An Editorial from The Hornsey Journal, 10th January 1919
THE WAR MEMORIAL
A fortnight before Christmas a town’s meeting was called by the Mayor of Hornsey to receive proposals for a memorial “to commemorate the brave men of the borough who have given their lives for their country in the great War”.
At the instance of the Mayor a Committee, consisting of members of the Town Council and representative of the chief local organisations, had been formed to consider the subject, and it was the conclusion to which they had come that the meeting was invited to adopt. Independent suggestions were not invited.
The scheme laid before the gathering comprised the erection of a monument, the extension of the Cottage Hospital and the purchase of the Crouch End Playing Fields. Alderman West (chairman) proposed an amendment which, while ostensibly agreeing with the three projects, made the acquisition of the Playing Fields impossible by imposing the condition that immediate possession must be obtained, and everybody interested in this sports ground knows that its “immediate possession” is not to be had.
Having thus eliminated this part of the scheme, he proposed that scholarships for the elementary schools should be founded with the money that would be released. One or two other suggestions were made, such as pensions for the widows and dwellings for the dependents. After a long discussion the meeting approved of the erection of a memorial to cost “no less” than £5,000, recognised the Committee, and authorised them to obtain further information in regard to the other two schemes.
The Town Council have now appeared on the scene. A special meeting was held on Thursday evening in last week “to consider the question of the proposed war memorial”, and a brief though verbatim report of it appeared in our columns on the following day. We say “brief” advisedly, for at the beginning of the proceedings Councillor Moritz moved that the representatives of the Press should be excluded, on the ground that this was “a purely domestic matter”.
How a subject that intimately concerns everyone who has suffered loss in the war, and less intimately everyone who wishes to honour the dead, could possibly be considered “domestic” – by which we suppose was meant that it concerned the Council’s own household, and that alone – it is difficult to imagine.
Even if it had been so, the fact would be no justification for secret discussion. A meeting of the Town Council can only be held in private when “the public interest” of the inhabitants of the borough would be jeopardised by publication of the discussion. We have to suppose that this was not the only occasion on which the law has been vitiated of late by the Council, and more may be heard on the subject.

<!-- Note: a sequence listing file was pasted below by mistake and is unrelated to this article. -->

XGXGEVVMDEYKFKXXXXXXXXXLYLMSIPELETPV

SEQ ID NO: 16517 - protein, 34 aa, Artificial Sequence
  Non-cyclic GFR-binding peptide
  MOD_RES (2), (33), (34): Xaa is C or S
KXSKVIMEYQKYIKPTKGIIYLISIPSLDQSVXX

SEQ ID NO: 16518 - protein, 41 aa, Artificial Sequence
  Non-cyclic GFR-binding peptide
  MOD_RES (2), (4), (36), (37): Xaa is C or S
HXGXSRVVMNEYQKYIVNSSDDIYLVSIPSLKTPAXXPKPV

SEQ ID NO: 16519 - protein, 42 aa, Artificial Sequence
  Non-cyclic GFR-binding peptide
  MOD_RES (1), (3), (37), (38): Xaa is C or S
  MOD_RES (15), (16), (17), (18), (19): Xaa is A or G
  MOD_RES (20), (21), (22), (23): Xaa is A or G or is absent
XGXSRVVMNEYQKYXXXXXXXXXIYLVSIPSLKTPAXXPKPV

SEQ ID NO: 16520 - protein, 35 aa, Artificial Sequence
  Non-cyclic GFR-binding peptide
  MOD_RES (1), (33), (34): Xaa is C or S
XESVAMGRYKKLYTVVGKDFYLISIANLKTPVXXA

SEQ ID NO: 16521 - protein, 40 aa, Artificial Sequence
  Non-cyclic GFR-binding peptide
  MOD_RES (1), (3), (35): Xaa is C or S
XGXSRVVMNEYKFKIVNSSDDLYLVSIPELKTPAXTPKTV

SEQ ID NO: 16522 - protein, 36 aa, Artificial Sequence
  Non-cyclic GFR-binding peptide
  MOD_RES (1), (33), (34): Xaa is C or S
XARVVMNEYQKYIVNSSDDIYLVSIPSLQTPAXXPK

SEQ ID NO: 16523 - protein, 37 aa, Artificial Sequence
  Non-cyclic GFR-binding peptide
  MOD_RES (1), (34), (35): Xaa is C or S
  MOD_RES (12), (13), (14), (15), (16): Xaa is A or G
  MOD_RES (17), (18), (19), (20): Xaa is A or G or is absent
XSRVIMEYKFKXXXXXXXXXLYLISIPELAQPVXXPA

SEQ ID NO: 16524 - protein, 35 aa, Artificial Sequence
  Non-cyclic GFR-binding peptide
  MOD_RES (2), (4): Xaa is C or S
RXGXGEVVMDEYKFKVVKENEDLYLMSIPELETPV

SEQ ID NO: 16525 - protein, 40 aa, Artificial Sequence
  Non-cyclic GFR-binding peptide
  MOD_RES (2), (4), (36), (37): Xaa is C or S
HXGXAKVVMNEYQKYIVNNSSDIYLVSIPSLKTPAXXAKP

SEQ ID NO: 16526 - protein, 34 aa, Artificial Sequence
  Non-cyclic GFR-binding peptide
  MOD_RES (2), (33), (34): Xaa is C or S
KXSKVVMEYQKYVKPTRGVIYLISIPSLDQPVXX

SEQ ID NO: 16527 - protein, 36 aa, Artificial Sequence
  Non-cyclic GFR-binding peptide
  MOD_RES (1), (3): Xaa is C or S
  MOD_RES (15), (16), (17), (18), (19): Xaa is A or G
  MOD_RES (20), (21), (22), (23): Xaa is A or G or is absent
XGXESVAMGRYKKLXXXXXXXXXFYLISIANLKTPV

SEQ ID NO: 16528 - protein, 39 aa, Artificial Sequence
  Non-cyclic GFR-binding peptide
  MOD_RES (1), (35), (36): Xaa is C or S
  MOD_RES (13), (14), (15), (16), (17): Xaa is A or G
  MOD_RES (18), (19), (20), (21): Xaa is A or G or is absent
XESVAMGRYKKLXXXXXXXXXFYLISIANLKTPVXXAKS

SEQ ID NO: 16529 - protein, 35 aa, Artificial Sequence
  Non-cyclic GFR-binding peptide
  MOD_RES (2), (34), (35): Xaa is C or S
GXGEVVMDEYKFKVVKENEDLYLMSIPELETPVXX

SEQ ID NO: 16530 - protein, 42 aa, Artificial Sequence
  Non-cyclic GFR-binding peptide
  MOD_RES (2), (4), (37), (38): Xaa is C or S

However, the Mayor took the opportunity to make a statement, in which he said that it appeared impossible to bring the conflicting parties to any agreement, and that under the circumstances he thought the best thing to do was “to go for the monument and the monument only”.
At the close of the private meeting the Press was informed that the Council had passed a resolution inviting subscriptions for a memorial which should cost no more than £5,000, any amount raised in excess of that sum to be divided between the Hornsey Cottage Hospital and scholarships for children.
The position is extraordinary. A Committee, approved by a town’s meeting, are regarded as the body appointed to promote and carry out the work of establishing a war memorial in and for the borough. The Town Council now come forward and invite subscriptions to a scheme which they have arranged at a meeting held behind closed doors, only their conclusions having been allowed to transpire. This was an inexcusable fashion of dealing with a subject of intense local interest, especially as the scheme they have devised to be carried out by the contributions of the inhabitants.
The action they have taken shows that the discussion was anything but a “domestic” character, and it further suggests that they wish to oust the War Memorial Committee approved at the town’s meeting from their duties and establish themselves as the local authority for the work.
Had they contented themselves with sending a recommendation to the Committee, their intervention might perhaps be forgiven, but they ignore that body and apparently seek to usurp its functions. They would resent such conduct themselves, and properly so, had any attempt been made by an authorised body to interfere with their municipal functions. We cannot imagine that the inhabitants of Hornsey will submit in silence to such cavalier attitude.
In view of the various difficulties that have arisen – some of which ought never to have appeared – it may be expected that the Hornsey memorial will be a monument of some kind with the names of the fallen inscribed on the base. It may be an architectural fabric, or it may be statutory – Hornsey might indeed be proud if it were able to point to such a work as Thorvaldsen’s Lion at Lucerne, to which one of our correspondents has alluded.
The public seem more nearly united on this suggestion than any other. With the accomplishment of it as the first aim, the advocates of the various other projects could push them undisturbed, whether they described them as war memorials or by any other name.
(Editor’s note: This is an abridged version of the original article. The original article can be consulted at the Old Schoolhouse.)